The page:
How Alvin the Beagle Helped Usher In a Democratic Senate – Shane Goldmacher – The New York Times

“The dog had a lot of work to do.

He was co-starring in a political ad that had to showcase the candidate’s good-natured warmth. But the ad also needed to deflect an onslaught of racialized attacks without engaging them directly, and to convey to white voters in Georgia that the Black pastor who led Ebenezer Baptist Church could represent them, too.

Of course, Alvin the beagle couldn’t have known any of that when he went for a walk with the Rev. Raphael Warnock last fall as a film crew captured their time together in a neighborhood outside Atlanta.

Tugging a puffer-vest-clad Mr. Warnock for an idealized suburban stroll — bright sunshine, picket fencing, an American flag — Alvin would appear in several of Mr. Warnock’s commercials pushing back against his Republican opponent in the recent Georgia Senate runoffs.”

Peter Wehner | The End of Trump Can Be the Beginning of America – The New York Times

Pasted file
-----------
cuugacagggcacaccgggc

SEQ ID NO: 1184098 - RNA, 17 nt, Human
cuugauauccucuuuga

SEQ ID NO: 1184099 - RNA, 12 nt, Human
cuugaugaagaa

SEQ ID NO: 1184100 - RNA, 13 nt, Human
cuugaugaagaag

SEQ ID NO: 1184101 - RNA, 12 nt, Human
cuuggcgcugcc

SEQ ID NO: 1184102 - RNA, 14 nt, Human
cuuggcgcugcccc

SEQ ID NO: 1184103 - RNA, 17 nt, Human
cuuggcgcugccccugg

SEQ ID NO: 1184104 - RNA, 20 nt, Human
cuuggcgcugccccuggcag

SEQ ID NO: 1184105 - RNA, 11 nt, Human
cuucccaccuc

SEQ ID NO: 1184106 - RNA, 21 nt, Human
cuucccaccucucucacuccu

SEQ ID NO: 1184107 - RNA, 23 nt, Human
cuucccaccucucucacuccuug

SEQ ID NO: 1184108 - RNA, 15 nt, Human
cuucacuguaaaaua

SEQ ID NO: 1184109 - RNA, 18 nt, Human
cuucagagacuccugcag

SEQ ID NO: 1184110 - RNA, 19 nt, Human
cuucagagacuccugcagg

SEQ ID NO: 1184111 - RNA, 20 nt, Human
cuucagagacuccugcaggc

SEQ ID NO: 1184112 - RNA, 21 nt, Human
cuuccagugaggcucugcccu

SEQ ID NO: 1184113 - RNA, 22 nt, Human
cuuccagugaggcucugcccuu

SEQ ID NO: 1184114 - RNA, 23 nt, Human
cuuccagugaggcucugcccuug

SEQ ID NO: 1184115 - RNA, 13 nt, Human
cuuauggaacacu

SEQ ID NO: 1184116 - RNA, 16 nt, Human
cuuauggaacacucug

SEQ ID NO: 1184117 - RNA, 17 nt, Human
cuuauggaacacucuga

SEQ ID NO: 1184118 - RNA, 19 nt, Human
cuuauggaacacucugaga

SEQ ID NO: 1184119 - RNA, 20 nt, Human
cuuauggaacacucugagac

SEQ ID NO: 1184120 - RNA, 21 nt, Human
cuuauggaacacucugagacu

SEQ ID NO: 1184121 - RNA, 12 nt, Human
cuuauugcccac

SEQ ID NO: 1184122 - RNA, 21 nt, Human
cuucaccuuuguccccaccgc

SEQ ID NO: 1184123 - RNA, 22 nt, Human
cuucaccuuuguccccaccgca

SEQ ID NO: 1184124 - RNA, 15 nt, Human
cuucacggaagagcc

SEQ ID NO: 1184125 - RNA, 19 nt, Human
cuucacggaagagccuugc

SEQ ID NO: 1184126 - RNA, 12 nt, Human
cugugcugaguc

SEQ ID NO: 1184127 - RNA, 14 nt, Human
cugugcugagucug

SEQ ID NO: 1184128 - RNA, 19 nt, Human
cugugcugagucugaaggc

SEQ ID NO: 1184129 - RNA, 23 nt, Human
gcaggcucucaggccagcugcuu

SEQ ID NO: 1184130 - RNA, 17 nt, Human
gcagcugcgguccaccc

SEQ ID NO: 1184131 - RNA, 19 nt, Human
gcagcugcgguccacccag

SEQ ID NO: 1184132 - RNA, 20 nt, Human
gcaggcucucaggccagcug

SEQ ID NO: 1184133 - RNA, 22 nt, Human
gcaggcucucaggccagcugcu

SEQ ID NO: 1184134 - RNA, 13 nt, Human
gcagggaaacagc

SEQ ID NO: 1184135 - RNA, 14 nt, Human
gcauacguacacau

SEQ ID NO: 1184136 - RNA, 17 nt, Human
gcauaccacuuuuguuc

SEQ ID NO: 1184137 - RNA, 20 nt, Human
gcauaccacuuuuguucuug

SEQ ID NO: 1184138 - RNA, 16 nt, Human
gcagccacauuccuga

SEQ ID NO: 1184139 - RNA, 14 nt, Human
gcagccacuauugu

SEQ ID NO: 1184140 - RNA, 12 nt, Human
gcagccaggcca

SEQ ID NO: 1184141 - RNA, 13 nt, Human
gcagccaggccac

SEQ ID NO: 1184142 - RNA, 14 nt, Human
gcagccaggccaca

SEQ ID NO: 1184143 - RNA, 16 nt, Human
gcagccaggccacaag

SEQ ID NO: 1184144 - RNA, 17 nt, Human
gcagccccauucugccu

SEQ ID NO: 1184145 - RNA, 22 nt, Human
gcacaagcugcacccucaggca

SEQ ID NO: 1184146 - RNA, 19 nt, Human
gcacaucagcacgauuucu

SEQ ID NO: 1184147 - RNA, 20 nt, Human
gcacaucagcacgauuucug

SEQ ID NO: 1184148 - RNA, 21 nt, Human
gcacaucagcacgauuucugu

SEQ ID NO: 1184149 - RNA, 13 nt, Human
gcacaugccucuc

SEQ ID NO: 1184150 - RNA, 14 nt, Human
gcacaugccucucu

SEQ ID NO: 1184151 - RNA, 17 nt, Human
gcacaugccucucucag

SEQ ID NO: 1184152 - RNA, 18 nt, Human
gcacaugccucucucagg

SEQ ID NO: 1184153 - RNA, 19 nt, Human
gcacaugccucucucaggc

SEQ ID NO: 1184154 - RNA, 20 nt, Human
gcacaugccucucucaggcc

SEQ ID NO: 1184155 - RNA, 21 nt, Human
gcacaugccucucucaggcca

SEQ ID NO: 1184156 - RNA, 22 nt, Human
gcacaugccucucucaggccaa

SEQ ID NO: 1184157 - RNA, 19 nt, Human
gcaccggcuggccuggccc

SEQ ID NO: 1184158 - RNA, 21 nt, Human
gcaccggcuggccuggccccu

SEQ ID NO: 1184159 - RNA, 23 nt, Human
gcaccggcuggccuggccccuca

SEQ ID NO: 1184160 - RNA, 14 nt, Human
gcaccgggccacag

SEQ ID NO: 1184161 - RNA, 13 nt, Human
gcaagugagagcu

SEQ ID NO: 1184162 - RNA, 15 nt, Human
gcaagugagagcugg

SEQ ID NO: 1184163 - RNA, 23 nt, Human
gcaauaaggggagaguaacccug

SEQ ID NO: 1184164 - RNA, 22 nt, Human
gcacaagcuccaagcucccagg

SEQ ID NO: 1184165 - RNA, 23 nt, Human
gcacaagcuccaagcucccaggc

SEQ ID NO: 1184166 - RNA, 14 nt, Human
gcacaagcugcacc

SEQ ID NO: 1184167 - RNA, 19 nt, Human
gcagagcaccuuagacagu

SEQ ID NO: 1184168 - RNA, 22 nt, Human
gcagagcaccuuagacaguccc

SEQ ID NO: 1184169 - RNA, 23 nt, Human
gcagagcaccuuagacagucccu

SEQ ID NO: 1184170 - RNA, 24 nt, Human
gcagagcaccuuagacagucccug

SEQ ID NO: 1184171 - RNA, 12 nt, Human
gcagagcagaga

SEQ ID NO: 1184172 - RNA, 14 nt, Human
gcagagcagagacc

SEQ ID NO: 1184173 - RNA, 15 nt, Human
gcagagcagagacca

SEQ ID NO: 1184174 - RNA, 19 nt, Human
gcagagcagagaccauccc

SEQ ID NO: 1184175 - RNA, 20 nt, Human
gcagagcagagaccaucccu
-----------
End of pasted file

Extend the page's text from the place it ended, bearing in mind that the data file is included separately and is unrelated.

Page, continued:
Contributing Opinion Writer

Credit…Pete Marovich for The New York Times

“This is a text I received from a prominent conservative Christian minutes after President Biden’s Inaugural Address: “I broke down sobbing. It’s been a long five-and-a-half years.”

Shortly after that, Scott Dudley, senior pastor at Bellevue Presbyterian Church in Bellevue, Wash., emailed me a note that said, “I never thought I would be moved to tears watching a Democratic president get sworn in, but I was. It just felt so good to hear someone who understands and loves this country and constitution, and is an honorable person, take the oath. I’m praying for healing.”